These were just some of the fascinating challenges that arose in writing Ashes. Another challenge was navigating genres. If I put too much science in the book it would get pegged as science fiction, too many mutants or “alternate” humans and it would be viewed as fantasy. So far Ashes has attracted labels of steampunk, thriller, sci-fy, literary mystery, and speculative fiction. I am happy to keep critics scratching their heads, and invite readers to pick up Ashes and reach their own conclusion.
What are you hoping people get out of reading ‘Ashes of the Earth’?
Eliot Pattison: I have always believed the best books are those that cause readers in some way to reflect on themselves and their world. I want my readers to be provoked, to think about my books after they put them down. Many books raise deeply personal emotional issues, while others pose big philosophical questions about society. I like to think the questions raised by Ashes span this spectrum.
I know from speaking to readers that the messages they have taken away vary widely, which is very satisfying to me. Ultimately the message is in the eye of the beholder.
You’ve written quite a few books, so I have to ask, what is your writing process like?
Eliot Pattison: I spend a lot of time thinking about my characters and the themes I want to emphasize in my books. Once I have settled on those elements, the process is all about picking up a pen—I do still write all my first drafts in longhand—and letting the words flow. Most days I write after dark, but I do so every day; that discipline is vital.
I write in a very organic way, without any detailed outline. At the outset I know the opening of my book and I know the closing of my book. In between is a journey on which my characters become my companions, helping me navigate from one chapter to the next.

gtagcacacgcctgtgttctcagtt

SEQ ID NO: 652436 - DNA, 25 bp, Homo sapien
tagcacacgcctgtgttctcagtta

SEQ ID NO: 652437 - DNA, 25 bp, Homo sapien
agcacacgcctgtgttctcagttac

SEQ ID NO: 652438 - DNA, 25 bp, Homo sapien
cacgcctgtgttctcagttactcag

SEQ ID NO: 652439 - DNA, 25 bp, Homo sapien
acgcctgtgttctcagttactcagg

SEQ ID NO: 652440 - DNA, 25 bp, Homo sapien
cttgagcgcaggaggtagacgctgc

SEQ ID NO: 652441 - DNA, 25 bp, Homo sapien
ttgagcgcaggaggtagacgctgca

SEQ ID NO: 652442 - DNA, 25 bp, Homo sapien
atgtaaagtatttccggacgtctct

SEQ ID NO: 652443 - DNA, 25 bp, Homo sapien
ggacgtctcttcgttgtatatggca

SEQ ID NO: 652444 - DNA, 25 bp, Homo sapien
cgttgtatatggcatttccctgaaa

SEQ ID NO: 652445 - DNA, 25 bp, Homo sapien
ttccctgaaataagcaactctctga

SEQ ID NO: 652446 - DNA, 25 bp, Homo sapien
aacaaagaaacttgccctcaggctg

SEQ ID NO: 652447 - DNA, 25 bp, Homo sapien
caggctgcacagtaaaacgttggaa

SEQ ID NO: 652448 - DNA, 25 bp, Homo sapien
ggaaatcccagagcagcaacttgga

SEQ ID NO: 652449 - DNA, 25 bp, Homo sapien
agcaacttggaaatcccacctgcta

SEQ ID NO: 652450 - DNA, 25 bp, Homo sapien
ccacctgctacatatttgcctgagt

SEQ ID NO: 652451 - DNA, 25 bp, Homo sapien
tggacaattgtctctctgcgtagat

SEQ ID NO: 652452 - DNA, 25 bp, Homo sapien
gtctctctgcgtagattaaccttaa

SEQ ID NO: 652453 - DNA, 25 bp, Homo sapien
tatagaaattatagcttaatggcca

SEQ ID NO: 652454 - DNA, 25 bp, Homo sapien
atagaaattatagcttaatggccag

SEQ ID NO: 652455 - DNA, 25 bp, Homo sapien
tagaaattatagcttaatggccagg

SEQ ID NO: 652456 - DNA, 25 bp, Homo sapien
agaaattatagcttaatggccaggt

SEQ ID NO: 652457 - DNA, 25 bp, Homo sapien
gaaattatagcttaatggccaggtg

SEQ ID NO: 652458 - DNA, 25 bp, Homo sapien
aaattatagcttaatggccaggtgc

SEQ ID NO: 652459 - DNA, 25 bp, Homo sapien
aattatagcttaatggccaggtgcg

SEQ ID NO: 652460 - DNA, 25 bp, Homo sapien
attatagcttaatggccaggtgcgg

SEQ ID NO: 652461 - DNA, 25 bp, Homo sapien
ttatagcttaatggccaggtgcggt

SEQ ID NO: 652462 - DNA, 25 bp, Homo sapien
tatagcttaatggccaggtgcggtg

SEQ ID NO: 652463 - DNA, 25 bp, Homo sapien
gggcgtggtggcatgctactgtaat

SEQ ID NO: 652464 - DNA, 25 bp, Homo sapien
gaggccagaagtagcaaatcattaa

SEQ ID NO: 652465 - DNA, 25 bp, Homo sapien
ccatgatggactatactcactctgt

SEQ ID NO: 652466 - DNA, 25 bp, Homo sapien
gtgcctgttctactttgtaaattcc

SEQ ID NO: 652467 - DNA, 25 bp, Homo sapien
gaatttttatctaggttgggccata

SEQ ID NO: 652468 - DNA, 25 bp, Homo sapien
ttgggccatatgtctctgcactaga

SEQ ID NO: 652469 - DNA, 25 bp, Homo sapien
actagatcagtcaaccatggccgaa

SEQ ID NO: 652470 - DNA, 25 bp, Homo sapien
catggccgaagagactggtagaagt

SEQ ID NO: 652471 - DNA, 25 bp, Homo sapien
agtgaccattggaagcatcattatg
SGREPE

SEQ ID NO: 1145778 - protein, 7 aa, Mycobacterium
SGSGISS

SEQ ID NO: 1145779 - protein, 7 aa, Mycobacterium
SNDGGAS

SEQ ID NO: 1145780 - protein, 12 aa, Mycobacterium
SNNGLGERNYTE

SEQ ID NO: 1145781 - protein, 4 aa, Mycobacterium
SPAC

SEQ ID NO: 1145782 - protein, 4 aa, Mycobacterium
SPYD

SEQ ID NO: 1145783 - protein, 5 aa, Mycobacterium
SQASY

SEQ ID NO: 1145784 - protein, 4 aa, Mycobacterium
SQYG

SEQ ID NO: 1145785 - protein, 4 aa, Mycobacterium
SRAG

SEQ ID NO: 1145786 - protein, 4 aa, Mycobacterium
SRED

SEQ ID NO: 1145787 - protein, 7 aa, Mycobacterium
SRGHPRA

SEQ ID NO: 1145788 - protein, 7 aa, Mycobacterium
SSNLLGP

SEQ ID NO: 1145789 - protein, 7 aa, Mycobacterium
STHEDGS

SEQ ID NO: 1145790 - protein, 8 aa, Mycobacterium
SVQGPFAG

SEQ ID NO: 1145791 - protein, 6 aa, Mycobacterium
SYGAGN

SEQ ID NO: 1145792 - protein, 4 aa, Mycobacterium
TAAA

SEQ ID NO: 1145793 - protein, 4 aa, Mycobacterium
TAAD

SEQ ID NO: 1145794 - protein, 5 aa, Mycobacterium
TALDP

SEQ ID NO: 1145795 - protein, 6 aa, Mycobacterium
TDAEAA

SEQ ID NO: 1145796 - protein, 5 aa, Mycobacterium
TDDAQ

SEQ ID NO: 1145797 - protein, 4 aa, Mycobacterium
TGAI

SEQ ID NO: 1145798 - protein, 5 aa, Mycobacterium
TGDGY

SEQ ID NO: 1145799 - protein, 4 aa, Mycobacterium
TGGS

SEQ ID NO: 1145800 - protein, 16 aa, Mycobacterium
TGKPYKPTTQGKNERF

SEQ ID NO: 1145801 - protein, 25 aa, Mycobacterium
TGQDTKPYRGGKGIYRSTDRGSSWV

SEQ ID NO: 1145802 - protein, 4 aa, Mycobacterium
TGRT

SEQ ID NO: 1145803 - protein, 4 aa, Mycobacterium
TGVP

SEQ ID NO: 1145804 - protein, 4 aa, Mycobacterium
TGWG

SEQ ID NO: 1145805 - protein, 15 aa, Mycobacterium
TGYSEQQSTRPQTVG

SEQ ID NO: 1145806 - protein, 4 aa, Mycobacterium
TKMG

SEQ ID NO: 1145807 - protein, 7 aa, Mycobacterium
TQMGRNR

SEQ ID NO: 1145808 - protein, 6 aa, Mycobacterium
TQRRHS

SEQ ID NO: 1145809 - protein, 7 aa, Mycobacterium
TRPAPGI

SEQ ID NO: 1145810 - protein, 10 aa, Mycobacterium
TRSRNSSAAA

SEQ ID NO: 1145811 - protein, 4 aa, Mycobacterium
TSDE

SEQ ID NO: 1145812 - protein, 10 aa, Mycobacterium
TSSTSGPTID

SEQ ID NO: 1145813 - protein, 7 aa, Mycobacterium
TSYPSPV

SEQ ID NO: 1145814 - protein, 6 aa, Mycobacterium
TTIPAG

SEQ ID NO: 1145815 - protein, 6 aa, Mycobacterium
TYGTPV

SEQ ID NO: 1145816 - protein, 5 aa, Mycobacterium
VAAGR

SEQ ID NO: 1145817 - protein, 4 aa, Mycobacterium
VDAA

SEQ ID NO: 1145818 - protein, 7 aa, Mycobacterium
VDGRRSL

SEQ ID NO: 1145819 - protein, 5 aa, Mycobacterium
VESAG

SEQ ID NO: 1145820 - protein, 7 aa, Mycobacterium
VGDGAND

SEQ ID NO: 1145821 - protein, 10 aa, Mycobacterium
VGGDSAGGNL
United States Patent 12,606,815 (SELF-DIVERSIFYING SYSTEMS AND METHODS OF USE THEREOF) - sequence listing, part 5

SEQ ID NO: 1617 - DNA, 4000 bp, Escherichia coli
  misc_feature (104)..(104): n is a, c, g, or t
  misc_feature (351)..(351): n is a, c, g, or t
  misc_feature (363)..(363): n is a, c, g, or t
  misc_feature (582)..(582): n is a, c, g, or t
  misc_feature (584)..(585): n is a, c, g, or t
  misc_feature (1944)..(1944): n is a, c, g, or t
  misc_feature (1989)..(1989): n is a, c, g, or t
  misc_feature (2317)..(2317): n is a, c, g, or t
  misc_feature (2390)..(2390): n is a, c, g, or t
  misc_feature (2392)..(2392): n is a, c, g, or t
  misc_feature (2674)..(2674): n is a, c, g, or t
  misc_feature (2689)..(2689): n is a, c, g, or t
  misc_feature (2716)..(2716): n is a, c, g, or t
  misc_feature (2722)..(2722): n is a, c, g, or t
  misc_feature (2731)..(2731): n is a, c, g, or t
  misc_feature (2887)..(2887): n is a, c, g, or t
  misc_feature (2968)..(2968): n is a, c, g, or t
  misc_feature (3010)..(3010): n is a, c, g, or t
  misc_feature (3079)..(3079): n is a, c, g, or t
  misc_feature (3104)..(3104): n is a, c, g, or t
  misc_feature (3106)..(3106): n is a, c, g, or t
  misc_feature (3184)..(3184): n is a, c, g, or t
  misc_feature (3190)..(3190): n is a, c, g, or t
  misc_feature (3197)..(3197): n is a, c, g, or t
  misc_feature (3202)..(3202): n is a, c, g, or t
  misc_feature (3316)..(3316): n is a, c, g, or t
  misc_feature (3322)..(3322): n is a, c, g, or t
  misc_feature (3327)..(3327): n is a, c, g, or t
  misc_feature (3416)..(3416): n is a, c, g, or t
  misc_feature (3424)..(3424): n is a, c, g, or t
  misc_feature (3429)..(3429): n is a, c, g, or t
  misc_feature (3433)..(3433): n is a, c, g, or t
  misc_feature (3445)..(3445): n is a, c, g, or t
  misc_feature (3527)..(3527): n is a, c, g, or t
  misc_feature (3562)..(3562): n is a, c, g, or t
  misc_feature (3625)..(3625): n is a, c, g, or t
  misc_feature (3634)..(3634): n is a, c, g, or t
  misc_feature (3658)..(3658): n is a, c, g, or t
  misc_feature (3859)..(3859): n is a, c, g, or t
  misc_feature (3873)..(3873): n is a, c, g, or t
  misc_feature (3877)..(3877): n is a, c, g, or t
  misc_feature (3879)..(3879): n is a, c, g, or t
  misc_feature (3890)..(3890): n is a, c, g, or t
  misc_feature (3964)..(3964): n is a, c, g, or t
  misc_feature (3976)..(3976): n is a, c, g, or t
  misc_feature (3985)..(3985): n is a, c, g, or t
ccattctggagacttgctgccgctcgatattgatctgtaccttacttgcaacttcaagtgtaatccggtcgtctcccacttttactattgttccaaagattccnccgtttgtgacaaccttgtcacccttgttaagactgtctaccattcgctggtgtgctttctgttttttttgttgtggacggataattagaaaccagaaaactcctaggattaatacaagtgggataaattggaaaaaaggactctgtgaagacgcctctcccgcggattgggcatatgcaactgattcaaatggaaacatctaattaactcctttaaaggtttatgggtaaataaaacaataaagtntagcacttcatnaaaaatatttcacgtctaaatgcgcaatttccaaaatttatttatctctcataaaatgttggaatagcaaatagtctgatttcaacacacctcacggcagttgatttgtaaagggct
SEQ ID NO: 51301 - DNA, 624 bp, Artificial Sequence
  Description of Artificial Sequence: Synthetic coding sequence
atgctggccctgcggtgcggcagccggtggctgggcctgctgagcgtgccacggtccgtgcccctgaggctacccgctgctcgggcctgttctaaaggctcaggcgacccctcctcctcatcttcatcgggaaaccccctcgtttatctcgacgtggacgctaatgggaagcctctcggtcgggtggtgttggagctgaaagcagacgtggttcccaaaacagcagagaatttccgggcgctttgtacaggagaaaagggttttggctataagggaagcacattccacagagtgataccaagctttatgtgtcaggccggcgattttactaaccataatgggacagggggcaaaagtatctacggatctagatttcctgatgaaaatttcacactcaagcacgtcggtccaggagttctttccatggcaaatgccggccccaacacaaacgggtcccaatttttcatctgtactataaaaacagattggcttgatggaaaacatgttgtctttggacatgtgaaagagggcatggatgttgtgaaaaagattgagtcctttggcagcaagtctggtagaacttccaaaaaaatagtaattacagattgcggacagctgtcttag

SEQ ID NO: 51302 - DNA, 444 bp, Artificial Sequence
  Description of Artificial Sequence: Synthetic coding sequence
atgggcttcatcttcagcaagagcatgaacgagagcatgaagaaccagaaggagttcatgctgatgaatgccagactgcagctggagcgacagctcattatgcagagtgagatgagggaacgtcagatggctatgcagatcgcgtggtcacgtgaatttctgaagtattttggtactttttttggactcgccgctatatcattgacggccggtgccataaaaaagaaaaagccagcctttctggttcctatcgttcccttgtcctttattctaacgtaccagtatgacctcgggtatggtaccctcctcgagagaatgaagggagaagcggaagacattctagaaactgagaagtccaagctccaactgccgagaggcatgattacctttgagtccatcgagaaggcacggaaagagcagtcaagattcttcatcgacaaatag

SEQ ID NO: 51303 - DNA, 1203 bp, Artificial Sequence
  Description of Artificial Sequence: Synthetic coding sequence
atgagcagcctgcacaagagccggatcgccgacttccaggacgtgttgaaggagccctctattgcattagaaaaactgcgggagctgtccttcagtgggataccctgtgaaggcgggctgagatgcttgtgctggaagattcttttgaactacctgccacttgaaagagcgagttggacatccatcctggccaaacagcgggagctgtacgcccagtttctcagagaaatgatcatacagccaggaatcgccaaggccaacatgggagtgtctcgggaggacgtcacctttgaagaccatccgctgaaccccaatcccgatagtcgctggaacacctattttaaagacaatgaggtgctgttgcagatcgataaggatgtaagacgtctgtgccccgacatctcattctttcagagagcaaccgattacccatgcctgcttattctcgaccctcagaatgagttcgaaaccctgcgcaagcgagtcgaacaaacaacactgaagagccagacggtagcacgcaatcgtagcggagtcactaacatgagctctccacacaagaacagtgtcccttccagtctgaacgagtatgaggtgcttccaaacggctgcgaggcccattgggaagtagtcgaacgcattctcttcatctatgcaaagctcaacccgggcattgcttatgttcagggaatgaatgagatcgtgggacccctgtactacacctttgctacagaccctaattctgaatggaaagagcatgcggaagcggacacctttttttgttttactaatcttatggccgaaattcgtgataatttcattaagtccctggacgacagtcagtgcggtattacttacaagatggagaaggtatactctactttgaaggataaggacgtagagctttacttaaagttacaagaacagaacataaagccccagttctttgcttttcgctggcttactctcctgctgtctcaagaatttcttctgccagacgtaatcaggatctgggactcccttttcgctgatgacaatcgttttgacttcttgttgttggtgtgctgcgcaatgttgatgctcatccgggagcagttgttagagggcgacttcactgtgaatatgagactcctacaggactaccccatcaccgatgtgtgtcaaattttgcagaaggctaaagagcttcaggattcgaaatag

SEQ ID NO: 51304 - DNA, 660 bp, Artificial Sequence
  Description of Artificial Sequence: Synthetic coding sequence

Do you have any upcoming projects that you are currently working on?
Eliot Pattison: I am working on another Shan novel right now and will then do another in my Bone Rattler series. I enjoy building on these series, which have broad and fertile platforms that allow me to more fully explore my characters, settings and themes.
You’ve traveled quite a bit. Which was your favorite place to visit?
Eliot Pattison: When I want a teeming exotic melting pot of cultures, my favorite place is southern Asia. For the solitude I sometimes crave it would be the Scottish Highlands, the Canadian Rockies or –my most recent destination—Iceland.
What book that have you read recently would you recommend people read?
Eliot Pattison: I consume lots of books in the course of a year, and am always reading one novel, usually fantasy or historical fiction, and one nonfiction book. I love early accounts of Westerners in Asia and I recently read one of the best ever, The Years That Were Fat by George Kates, a delightful, well-crafted tale of an American residing in Beijing in the 1930’s. It is a book that utterly transports you, not just to a different time and place, but also to a different way of thinking.